Early detection of liver cancer, such as hepatocellular carcinoma (HCC), is key to improve cancer-related mortality. More than 800,000 people are diagnosed with this cancer each year throughout the world. Liver cancer is also a leading cause of cancer deaths worldwide, accounting for more than 700,000 deaths each year. Currently, millions of Americans and possibly billions in the world are considered at risk for developing liver cancer. Individuals are considered at risk for developing liver cancer if they have underlying chronic liver diseases such as fibrosis and cirrhosis which in turn may be caused by viral infections and inflammation. However, this risk greatly varies among individuals and the current methods for early detection and surveillance are inadequate.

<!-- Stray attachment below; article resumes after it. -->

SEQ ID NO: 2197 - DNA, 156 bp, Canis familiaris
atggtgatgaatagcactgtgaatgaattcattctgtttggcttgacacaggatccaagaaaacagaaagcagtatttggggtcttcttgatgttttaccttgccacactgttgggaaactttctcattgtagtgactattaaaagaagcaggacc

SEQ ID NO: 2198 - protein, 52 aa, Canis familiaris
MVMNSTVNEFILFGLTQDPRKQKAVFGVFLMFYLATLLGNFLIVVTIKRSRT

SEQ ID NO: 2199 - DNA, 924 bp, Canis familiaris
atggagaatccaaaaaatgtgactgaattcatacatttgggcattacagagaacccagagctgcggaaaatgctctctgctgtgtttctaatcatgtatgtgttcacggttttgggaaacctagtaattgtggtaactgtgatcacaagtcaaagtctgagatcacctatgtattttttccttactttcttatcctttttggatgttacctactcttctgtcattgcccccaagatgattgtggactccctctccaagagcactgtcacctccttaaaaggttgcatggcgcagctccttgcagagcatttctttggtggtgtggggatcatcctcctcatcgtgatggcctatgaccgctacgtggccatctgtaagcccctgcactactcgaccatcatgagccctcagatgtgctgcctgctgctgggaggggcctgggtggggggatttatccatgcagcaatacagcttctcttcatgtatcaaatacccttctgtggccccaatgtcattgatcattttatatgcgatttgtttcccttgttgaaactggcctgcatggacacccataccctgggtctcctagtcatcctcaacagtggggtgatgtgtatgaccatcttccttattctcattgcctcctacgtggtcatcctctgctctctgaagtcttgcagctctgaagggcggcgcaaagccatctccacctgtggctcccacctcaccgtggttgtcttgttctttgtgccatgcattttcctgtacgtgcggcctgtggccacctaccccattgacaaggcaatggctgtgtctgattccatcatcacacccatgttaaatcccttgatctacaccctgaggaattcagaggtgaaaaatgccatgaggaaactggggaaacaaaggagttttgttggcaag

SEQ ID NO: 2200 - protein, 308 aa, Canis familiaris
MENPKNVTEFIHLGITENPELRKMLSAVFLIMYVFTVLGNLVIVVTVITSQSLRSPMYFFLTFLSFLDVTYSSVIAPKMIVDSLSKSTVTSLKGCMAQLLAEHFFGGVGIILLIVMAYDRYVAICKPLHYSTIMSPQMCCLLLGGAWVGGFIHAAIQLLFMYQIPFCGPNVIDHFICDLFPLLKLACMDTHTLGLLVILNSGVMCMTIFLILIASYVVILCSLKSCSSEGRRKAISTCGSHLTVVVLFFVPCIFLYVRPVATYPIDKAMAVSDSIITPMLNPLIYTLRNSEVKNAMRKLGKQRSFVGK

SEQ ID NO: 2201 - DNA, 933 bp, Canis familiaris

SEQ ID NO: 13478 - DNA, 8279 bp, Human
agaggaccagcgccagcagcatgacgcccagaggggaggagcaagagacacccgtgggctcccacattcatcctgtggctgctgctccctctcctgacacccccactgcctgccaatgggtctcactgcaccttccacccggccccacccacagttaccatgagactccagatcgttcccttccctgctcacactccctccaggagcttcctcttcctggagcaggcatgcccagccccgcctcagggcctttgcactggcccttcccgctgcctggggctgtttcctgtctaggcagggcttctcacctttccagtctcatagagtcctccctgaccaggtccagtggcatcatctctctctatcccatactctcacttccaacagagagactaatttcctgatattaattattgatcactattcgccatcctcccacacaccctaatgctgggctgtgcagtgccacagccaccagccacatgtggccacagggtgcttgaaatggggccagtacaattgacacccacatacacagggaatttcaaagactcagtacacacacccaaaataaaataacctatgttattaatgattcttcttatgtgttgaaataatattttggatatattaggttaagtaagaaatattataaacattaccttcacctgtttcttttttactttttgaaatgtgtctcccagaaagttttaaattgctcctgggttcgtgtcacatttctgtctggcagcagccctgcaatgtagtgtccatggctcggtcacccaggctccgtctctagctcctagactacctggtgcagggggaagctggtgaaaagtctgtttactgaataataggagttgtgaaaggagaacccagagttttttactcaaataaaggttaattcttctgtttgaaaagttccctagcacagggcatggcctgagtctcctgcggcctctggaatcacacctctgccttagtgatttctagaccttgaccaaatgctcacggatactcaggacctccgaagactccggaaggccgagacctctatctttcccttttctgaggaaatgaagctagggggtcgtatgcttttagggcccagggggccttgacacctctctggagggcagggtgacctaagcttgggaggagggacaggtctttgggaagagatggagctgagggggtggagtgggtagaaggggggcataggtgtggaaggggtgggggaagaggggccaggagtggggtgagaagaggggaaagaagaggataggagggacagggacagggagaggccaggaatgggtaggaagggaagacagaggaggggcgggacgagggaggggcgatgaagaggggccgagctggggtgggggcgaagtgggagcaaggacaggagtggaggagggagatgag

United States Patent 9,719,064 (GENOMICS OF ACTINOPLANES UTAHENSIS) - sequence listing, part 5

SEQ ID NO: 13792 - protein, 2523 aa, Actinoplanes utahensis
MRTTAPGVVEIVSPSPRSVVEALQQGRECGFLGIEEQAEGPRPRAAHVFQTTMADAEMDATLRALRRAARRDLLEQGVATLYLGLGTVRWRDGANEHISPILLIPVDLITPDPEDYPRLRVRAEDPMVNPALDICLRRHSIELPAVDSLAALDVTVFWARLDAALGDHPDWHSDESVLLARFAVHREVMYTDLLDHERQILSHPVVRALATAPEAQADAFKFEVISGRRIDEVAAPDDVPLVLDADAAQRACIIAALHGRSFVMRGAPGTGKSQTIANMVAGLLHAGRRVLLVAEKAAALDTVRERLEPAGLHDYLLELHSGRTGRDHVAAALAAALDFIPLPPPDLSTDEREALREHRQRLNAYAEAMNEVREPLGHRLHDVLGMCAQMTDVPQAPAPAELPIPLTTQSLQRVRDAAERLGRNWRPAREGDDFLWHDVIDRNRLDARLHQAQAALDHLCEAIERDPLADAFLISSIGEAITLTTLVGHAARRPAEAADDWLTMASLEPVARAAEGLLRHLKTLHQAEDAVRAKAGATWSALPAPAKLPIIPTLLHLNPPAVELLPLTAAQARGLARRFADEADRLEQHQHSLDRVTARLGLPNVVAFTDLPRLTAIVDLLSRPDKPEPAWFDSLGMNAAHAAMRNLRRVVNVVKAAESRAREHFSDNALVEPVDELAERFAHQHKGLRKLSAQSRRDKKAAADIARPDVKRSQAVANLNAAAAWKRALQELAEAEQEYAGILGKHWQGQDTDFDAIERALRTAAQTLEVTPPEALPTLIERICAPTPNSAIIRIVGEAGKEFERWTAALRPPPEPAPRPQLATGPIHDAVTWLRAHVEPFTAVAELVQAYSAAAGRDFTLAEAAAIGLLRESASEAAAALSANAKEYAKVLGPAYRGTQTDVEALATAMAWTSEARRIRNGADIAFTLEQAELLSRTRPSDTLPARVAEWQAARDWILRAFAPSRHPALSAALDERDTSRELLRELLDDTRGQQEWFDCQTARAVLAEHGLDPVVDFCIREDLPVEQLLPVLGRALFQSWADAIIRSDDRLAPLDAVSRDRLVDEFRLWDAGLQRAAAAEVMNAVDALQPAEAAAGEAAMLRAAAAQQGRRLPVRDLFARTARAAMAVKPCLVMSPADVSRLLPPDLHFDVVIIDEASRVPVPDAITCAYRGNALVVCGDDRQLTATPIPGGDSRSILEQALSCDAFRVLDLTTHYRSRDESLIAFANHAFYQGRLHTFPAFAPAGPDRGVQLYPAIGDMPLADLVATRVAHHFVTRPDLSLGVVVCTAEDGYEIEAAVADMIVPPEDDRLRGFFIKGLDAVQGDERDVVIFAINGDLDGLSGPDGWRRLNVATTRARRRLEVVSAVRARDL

Scientists at the National Cancer Institute’s (NCI) Laboratory of Human Carcinogenesis established a biomarker signature of viral infection that can predict HCC among at-risk individuals up to 7 years prior to their clinical diagnosis. This viral exposure signature has been identified through serological profiling of individuals from a case-control study and validated in a cohort of at-risk individuals who were followed up to 20 years for the development of HCC. The specificity and sensitivity of this biomarker signature is superior to current available methods of diagnosis such as alpha-fetoprotein screening.
NCI seeks proposals from parties interested in co-development and licensing opportunities to employ this viral exposure signature in diagnostic assays of early onset HCC.
- The large market for hepatocellular carcinoma is in need of improved diagnostics
- Detection of cancer patients from at-risk individuals up to 7 years prior to clinical diagnosis
- Potential competitive cost, easy to implement
- Serological profiling allows easy access to patient samples
- Diagnostic assay for early detection and surveillance of HCC
- Companion diagnostics for HCC therapeutic development